Part I: California, Nevada, and Utah via Route 50

Part I: California, Nevada, and Utah via Route 50

While the Interstate Highway system may be the quickest way to wheel from sea to shining sea, it certainly lacks the personality that most motorcycle travelers seek. On the other hand, the process of discovering small towns, local color, and scenic stretches can eat into those precious vacation days. Well, just because our bicoastal escapade is tempered with an expeditious reality doesn’t mean we can’t map out the best of both worlds.

Less than an hour after touching down at Ontario International Airport just outside of Los Angeles, we’re sitting astride a brand new Cross Country touring rig, compliments of our friends at Victory Motorcycles. Having ridden this machine and its sister model, the Cross Roads, on an earlier tour and press event in Texas, I know it’s the right mount for our impending coast to coast trek. The plush seat, relaxed ergonomics, and surprisingly nimble handling, perfectly compliment the bike’s smooth and soulful V-twin. Kathy, on the other hand, is a bit more skeptical. It’s mid-May, and her normally cycle-seasoned rear side is still a bit tender from a long, cold winter away from the saddle. Barely an hour in, she declares the copilot accommodations “really comfortable.” And with a discernable sense of relief on both our parts, we settle in for the northward ride to the Golden State’s capitol city and our rendezvous with a single stretch of asphalt that will carry us from the Governator’s backyard to the sandy Atlantic beach just a couple hours east of the West Wing.

No curves, no problem. The "Loneliest Road In America" has become a rider's destination.

Into the Morning Sun

US Route 50 is an old road, a really old road. Its present alignment through east-central California runs along the trail once used by the 49er gold prospectors and the Pony Express. Upon reaching Sacramento, we quickly realize that the dangers facing today’s riders have changed drastically. The pissed off Indians and hungry grizzlies of the wild-west days have been usurped by texting commuters and speeding eighteen-wheelers. At the junction of Interstate 80 and Highway 50, there is alleged to be a sign proclaiming that Ocean City, Maryland is 3,073-miles on down the road. I’m guessing that the tandem tractor trailer that attempted to muscle us over into the westbound lane prevented us from seeing that iconic marker. And no, we weren’t about to loop back and try again. For now, we eschew sightseeing in favor of personal wellbeing.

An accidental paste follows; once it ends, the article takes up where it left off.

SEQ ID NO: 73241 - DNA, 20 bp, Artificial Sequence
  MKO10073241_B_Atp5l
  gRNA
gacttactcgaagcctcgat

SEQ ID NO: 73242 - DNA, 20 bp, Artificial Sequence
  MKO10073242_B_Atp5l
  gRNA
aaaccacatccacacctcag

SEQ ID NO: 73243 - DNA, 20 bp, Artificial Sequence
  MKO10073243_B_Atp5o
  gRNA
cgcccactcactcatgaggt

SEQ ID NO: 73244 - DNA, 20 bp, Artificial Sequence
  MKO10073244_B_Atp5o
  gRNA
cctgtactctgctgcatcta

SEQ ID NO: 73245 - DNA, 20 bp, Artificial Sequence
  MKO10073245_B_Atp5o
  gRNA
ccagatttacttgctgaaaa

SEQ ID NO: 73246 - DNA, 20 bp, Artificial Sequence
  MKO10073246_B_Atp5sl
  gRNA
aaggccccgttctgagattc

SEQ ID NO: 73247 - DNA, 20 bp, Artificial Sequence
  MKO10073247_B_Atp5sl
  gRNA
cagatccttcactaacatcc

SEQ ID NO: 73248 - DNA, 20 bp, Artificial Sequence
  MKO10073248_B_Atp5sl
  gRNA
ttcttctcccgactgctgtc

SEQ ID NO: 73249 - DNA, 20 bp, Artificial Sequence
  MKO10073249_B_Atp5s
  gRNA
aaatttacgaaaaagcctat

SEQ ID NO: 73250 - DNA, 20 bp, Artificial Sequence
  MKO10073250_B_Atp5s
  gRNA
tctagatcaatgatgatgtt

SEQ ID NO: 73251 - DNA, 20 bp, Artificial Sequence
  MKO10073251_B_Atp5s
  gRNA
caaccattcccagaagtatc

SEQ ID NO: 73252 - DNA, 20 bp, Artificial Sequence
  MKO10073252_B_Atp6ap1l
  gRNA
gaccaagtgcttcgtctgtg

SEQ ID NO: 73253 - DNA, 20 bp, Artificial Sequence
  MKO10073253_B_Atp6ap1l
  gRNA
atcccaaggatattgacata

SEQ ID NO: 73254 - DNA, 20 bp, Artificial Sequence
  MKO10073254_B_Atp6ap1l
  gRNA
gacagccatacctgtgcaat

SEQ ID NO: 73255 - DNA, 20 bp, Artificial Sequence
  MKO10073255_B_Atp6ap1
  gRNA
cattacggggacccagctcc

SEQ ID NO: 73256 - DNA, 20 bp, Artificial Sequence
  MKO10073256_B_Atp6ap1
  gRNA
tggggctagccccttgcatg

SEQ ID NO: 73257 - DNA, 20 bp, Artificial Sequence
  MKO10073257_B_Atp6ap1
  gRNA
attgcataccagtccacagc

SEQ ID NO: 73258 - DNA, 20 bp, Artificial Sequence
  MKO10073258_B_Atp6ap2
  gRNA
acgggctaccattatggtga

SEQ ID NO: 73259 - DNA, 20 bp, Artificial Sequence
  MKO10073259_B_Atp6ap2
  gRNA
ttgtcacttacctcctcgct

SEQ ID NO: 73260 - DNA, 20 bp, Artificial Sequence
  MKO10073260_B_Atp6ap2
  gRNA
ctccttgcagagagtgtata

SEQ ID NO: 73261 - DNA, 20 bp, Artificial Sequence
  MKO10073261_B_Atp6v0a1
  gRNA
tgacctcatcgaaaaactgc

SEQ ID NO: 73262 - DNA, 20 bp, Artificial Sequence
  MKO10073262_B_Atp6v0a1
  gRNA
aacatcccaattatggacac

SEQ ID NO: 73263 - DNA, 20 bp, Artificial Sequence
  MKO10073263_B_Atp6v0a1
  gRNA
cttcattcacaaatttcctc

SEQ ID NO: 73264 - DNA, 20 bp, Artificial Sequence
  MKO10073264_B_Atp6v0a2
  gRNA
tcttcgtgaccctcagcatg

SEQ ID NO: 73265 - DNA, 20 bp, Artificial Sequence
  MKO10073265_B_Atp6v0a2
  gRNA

Motorcycle & Gear

2010 Victory Cross Country

Helmets: Nolan N-Com
Jacket: Tour Master Epic
Pants: Diamond Gusset Defender Jeans
Boots: Shift Fuel Street Shoe
Gloves: REV’ IT! R-59

East of Placerville, the highway is still divided as it begins a slow climb into the Sierra-Nevada Mountains. The tall conifers being lightly massaged by cool, dry breezes supplant diesel and industry with an earthy, piney goodness. As the route’s lanes drop to two, the tarmac syncs up with the winding path of the roiling American River. The white water dashing around and between the rugged boulders reminds us that our torquey steed is more than capable of dispatching lumbering SUVs, while achieving angles that would even make a splash with the sportbike crowd. Exorcizing urbanity is a feeling all touring riders know well.

The town of Eureka is a celebration of Old West heritage.

As the blacktop snakes ever higher, ground vegetation becomes more sporadic and tall pines dominate. Upon reaching 7,382-foot Echo Summit, we’re treated to breathtaking views of the distant Lake Tahoe along with sporadic blasts of cold, crisp mountain air. Honestly, we figured the snow would have succumbed to global warming by now. But with several feet still covering the mountainside and piled atop the roadside chalets, it’s apparent that this slice of the Sierra Nevadas didn’t get the memo. As we begin our winding descent of the range’s eastern face, the brilliant afternoon sun quickly gives way to deep shadows and the nippy temperatures follow us nearly to the valley floor. Of course, the creeping weekend traffic bound for South Lake Tahoe and just ‘cross the border state line, Nevada’s casinos and other tourist attractions assures that wind chill will not be an issue. Once through the hullabaloo of the tourist center, we’re completely enthralled by the resplendence of the crystalline lake from which the city gets its name. Ringed by snowcapped peaks, its slightly wind-rippled surface provides the waning, reddish-gold rays a perfect ballroom on which to celebrate their evening’s last, glittering dance.